It’s entirely optional, but I recommend it, because it’ll make changing values, like the time-to-live, so much easier.

Next, create a class in which we define what type of authentication to use and what resources we want to secure:

@Configuration
public class SecurityConfiguration extends WebSecurityConfigurerAdapter
{
    // Variables, Constructor

    @Override
    protected void configure(HttpSecurity http) throws Exception
    {
        http
            .cors().and()
            .httpBasic().disable()
            .csrf().disable()
            .headers().frameOptions().disable()
            .and().sessionManagement()
            .sessionCreationPolicy(SessionCreationPolicy.STATELESS)
            .and().authorizeRequests()
            .antMatchers(HttpMethod.POST, "/authentication/").permitAll()
            .antMatchers(HttpMethod.POST, "/users/").permitAll()
            .antMatchers("/h2-console/*").permitAll()
            .anyRequest().authenticated()
            .and().apply(new AuthenticationTokenConfigurer(authenticationTokenProvider));
    }

The first half of the configure method turns off certain security features. Again, this is a very unrestrictive policy and it should only be used to get Spring Security up and running.

The second half configures a few resources I didn’t want to secure. For example, the /authentication/ resource. This will allow users to login and acquire a token.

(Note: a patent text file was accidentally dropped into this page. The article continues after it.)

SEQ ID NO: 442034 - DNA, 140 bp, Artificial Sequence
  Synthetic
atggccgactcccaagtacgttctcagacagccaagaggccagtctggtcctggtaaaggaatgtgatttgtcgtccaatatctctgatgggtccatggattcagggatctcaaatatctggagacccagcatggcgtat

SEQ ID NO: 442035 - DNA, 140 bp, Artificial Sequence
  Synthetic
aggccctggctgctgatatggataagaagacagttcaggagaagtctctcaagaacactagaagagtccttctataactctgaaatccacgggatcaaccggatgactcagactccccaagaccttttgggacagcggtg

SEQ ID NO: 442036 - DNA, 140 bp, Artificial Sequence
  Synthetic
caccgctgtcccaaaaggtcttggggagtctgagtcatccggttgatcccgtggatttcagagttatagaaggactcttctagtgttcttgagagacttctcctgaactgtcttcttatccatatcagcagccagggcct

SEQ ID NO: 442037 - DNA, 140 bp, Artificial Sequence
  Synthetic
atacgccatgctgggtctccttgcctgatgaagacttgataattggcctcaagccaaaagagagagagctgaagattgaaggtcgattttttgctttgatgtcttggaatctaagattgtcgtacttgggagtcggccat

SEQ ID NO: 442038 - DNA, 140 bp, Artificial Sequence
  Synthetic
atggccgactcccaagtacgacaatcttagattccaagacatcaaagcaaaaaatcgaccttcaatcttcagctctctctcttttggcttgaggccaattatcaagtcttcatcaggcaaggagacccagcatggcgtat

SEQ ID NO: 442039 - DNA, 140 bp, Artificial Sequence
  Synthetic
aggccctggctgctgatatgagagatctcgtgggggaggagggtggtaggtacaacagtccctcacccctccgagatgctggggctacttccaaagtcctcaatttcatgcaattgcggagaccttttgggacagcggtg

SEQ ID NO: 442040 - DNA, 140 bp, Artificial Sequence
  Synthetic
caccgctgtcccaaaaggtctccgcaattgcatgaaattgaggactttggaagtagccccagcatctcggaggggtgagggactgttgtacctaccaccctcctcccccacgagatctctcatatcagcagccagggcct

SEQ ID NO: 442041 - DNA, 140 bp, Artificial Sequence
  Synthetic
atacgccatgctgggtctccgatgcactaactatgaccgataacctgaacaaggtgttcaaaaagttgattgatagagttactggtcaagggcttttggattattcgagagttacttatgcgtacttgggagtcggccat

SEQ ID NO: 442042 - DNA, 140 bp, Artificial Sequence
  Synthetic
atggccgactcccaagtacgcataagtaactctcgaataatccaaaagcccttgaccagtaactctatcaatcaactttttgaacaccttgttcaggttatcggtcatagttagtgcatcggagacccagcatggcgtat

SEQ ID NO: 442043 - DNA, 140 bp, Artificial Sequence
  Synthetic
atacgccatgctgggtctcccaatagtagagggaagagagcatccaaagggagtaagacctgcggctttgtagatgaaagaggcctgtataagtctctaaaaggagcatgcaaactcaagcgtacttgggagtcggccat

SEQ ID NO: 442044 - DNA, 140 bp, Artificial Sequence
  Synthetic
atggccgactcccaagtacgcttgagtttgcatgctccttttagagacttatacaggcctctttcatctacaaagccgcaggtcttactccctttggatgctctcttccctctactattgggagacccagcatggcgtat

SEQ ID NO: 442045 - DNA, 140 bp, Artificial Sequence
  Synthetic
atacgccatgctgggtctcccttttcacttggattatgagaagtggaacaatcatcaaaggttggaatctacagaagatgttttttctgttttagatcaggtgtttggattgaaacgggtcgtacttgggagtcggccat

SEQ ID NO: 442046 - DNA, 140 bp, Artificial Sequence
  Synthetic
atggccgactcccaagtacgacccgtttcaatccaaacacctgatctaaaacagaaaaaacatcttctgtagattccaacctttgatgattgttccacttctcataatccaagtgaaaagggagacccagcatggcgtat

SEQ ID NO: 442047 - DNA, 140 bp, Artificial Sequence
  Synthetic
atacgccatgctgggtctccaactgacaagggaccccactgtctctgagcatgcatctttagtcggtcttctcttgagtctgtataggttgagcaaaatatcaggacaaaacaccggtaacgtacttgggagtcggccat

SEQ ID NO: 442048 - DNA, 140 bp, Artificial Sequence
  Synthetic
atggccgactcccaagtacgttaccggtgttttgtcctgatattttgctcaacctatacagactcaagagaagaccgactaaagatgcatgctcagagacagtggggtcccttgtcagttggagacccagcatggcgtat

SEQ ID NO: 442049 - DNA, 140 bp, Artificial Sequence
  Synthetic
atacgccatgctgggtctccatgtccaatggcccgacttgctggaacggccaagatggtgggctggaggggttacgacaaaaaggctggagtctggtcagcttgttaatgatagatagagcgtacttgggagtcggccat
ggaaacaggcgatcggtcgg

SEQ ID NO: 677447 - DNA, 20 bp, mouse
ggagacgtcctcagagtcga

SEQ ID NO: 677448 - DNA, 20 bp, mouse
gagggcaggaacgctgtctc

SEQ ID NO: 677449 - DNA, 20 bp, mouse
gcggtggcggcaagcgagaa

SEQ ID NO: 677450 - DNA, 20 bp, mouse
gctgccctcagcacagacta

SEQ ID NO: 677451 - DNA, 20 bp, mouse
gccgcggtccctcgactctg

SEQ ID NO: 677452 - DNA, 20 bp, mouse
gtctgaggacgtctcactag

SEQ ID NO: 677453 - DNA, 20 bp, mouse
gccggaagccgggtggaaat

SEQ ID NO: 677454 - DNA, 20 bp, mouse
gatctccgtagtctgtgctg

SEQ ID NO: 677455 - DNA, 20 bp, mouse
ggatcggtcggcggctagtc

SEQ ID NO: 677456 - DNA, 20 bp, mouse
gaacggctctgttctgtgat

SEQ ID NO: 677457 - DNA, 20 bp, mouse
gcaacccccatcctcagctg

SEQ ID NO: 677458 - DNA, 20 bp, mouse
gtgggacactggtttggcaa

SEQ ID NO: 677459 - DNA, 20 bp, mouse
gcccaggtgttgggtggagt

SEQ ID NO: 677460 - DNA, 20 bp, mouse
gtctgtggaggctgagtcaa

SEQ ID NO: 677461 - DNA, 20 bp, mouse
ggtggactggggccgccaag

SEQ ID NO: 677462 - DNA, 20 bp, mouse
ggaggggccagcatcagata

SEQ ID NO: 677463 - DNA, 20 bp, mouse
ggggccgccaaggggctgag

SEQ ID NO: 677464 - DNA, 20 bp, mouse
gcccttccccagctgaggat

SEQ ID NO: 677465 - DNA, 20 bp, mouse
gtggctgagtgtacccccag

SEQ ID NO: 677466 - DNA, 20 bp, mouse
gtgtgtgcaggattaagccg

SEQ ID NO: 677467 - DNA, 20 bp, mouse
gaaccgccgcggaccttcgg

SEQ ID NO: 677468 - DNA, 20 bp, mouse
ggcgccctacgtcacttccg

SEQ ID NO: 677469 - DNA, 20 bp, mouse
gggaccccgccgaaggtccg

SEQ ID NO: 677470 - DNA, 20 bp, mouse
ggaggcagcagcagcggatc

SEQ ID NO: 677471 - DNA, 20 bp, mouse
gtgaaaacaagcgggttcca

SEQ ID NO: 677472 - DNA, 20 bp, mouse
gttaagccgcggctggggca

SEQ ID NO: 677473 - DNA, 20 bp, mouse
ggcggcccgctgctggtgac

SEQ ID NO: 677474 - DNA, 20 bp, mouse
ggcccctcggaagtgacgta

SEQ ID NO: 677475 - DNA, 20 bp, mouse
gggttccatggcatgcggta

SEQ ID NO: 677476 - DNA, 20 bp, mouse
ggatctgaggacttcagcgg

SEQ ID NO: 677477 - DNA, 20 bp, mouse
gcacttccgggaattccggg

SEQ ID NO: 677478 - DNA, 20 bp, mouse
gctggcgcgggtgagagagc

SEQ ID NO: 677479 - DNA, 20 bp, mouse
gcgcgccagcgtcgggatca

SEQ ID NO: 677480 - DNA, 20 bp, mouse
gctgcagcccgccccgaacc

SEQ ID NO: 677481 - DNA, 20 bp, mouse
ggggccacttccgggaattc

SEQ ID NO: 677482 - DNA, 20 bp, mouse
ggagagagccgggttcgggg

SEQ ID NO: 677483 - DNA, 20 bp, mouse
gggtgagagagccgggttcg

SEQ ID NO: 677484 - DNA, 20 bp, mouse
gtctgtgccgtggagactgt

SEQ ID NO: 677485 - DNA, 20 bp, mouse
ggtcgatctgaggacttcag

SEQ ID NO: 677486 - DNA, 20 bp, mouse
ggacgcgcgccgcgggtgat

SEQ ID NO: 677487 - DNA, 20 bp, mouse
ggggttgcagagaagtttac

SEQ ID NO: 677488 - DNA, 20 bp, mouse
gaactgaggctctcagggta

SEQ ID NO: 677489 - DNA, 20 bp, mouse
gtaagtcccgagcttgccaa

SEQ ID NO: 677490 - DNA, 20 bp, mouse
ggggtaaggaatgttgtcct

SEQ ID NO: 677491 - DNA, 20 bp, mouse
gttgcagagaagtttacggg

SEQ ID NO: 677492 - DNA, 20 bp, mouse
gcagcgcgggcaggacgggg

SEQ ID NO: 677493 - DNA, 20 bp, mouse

The very last line applies our custom JWT authentication mechanism, which we still have to implement.

Changing the user entity

But before we can implement the JWT features, we’ll have to change our previously created user so that we can use it for both, our own implementation, and Spring Security.

Let’s start by modifying the UserService class, we created eralier, so that it implements Spring Security’s UserDetailsService interface:

@Service
public class UserService implements IUserService, UserDetailsService
{
    private final IUserDao userDao;

    // The methods from earlier

    @Override
    public UserDetails loadUserByUsername(String s)
    {
        User u = null;

        try
        {
            u = userDao.findOneByUsername(s);
        }
        catch (Exception e)
        {
            // Proper exception handling omitted
        }

        return u;
    }
}

The overriden method, however, returns a UserDetails object. Therefore we’ll either need to create a new custom user details class (which is redundant) or we’ll have to make our User implement UserDetails: